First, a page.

28 Oct Edinburgh Four Day Trip Top 5 + Hidden Gems and What To Skip
Edinburgh; Scottish Gaelic: Dùn Èideann; Scots: Edinburgh is the capital city of Scotland and one of its 32 council areas. Historically part of the county of Midlothian (or Edinburghshire), it is located in Lothian on the Firth of Forth’s southern shore.
Recognised as the capital of Scotland since at least the 15th century, Edinburgh is the seat of the Scottish Government, the Scottish Parliament and the supreme courts of Scotland. The city’s Palace of Holyroodhouse is the official residence of the monarch in Scotland. The city has long been a centre of education, particularly in the fields of medicine, Scots law, literature, the sciences and engineering. It is the second largest financial centre in the United Kingdom (after London) and the city’s historical and cultural attractions have made it the United Kingdom’s second most popular tourist destination, attracting over one million overseas visitors each year.
Edinburgh is Scotland’s second most populous city and the seventh most populous in the United Kingdom. The official population estimates are 464,990 (2012) for the Locality of Edinburgh (Edinburgh pre 1975 regionalisation plus Currie and Balerno),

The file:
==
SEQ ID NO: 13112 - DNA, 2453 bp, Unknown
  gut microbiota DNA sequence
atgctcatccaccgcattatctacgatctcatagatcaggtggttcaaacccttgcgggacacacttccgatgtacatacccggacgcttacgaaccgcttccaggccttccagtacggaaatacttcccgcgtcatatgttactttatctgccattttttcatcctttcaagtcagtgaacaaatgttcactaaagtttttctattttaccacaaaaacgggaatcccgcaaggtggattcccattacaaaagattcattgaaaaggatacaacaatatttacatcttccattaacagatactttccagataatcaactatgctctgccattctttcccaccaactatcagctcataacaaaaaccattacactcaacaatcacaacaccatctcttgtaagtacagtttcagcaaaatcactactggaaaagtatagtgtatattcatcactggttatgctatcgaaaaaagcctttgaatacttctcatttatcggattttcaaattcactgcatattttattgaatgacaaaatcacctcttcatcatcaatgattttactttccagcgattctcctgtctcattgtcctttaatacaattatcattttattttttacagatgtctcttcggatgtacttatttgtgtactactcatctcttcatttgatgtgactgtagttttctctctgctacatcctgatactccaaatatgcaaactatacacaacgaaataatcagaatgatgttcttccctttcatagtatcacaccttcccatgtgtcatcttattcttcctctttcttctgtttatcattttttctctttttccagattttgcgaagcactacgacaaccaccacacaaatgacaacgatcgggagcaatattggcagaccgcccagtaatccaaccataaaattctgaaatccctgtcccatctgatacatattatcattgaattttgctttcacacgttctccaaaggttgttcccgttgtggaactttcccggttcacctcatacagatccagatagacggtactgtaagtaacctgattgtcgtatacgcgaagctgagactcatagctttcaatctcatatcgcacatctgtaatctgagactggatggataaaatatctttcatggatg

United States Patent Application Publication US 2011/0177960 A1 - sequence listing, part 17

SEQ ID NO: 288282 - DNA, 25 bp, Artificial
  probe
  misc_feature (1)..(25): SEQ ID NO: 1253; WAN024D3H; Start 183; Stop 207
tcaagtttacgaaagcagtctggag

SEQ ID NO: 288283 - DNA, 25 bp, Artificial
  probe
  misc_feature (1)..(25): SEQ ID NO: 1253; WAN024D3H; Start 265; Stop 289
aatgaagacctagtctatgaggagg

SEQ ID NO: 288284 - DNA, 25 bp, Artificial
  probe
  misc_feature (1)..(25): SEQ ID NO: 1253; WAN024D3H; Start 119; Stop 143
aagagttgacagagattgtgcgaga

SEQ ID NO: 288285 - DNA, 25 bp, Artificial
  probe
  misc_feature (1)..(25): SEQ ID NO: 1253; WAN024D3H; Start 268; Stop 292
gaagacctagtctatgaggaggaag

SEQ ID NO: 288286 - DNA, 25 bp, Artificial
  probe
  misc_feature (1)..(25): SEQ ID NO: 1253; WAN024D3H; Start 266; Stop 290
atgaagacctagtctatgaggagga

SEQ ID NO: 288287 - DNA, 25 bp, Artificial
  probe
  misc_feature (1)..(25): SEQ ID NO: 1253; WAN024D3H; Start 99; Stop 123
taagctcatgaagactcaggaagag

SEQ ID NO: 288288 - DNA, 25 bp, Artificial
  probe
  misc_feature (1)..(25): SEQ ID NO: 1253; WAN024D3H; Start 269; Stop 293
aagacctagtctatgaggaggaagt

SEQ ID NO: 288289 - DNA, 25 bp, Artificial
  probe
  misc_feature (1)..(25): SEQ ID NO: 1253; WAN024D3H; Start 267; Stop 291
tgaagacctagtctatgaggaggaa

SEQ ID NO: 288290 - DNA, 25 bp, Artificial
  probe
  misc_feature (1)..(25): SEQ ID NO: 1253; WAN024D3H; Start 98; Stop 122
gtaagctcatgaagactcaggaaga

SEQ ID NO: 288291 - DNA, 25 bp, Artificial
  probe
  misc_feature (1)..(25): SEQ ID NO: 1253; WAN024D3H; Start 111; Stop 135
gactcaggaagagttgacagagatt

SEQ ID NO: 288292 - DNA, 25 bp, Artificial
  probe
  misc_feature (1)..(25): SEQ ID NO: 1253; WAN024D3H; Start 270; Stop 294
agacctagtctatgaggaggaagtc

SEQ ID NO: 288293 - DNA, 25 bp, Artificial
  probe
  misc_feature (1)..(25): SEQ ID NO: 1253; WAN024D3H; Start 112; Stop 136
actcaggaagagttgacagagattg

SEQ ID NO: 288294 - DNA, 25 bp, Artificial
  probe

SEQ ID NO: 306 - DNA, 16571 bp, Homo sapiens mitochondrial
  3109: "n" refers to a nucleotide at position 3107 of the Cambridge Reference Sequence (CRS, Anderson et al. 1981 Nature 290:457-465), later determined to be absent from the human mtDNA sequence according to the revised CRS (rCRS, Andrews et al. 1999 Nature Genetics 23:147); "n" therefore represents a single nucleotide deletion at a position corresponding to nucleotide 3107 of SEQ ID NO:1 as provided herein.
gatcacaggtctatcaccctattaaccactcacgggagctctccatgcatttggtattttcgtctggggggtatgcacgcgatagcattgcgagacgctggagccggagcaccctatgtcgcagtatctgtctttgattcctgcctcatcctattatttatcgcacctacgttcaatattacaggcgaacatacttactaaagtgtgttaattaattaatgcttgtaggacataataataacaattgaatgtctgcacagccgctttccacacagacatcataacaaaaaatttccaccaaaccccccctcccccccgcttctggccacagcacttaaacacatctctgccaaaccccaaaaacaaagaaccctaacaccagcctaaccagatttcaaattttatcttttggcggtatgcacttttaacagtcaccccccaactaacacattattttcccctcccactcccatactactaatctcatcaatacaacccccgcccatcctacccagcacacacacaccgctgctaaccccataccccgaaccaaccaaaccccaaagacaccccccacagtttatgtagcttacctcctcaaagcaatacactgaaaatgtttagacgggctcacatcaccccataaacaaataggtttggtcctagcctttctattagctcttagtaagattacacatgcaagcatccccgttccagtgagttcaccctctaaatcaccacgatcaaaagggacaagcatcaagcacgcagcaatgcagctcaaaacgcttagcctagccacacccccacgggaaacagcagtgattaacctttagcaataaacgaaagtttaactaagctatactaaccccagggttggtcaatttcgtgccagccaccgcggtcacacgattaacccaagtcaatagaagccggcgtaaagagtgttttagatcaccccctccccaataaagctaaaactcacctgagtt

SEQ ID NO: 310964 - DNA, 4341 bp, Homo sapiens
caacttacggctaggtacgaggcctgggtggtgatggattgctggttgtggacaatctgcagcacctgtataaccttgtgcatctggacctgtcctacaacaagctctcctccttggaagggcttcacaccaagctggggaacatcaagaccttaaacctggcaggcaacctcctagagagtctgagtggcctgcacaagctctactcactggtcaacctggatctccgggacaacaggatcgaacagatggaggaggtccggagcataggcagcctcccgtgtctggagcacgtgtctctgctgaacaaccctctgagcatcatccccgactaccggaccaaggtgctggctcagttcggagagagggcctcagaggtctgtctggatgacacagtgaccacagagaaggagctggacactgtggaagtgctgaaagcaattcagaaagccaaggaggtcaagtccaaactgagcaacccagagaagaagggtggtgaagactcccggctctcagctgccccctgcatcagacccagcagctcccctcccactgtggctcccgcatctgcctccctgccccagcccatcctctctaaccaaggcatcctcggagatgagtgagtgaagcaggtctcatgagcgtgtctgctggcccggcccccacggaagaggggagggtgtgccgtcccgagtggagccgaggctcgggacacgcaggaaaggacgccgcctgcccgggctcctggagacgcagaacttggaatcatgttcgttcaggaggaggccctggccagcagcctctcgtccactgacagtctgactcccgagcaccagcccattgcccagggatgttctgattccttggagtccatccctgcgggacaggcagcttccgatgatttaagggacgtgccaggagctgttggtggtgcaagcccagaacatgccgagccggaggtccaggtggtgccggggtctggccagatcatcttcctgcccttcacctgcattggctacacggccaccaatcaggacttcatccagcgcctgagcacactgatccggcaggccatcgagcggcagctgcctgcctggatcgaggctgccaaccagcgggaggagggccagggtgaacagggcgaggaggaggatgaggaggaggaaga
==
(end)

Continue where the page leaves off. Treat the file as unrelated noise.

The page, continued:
513,210 (2017) for the City of Edinburgh, and 1,339,380 (2014) for the city region.
Edinburgh lies at the heart of the Edinburgh and South East Scotland city region comprising East Lothian, Edinburgh, Fife, Midlothian, Scottish Borders and West Lothian.
The city is the annual venue of the General Assembly of the Church of Scotland. It is home to national institutions such as the National Museum of Scotland, the National Library of Scotland and the Scottish National Gallery. The University of Edinburgh, founded in 1582 and now one of four in the city, is placed 18th in the QS World University Rankings for 2019.
The city is also famous for the Edinburgh International Festival and the Fringe, the latter being the world’s largest annual international arts festival. Historic sites in Edinburgh include Edinburgh Castle, the Palace of Holyroodhouse, the churches of St. Giles, Greyfriars and the Canongate, and the extensive Georgian New Town, built in the 18th/19th centuries. Edinburgh’s Old Town and New Town together are listed as a UNESCO World Heritage site, which has been managed by Edinburgh World Heritage since 1999.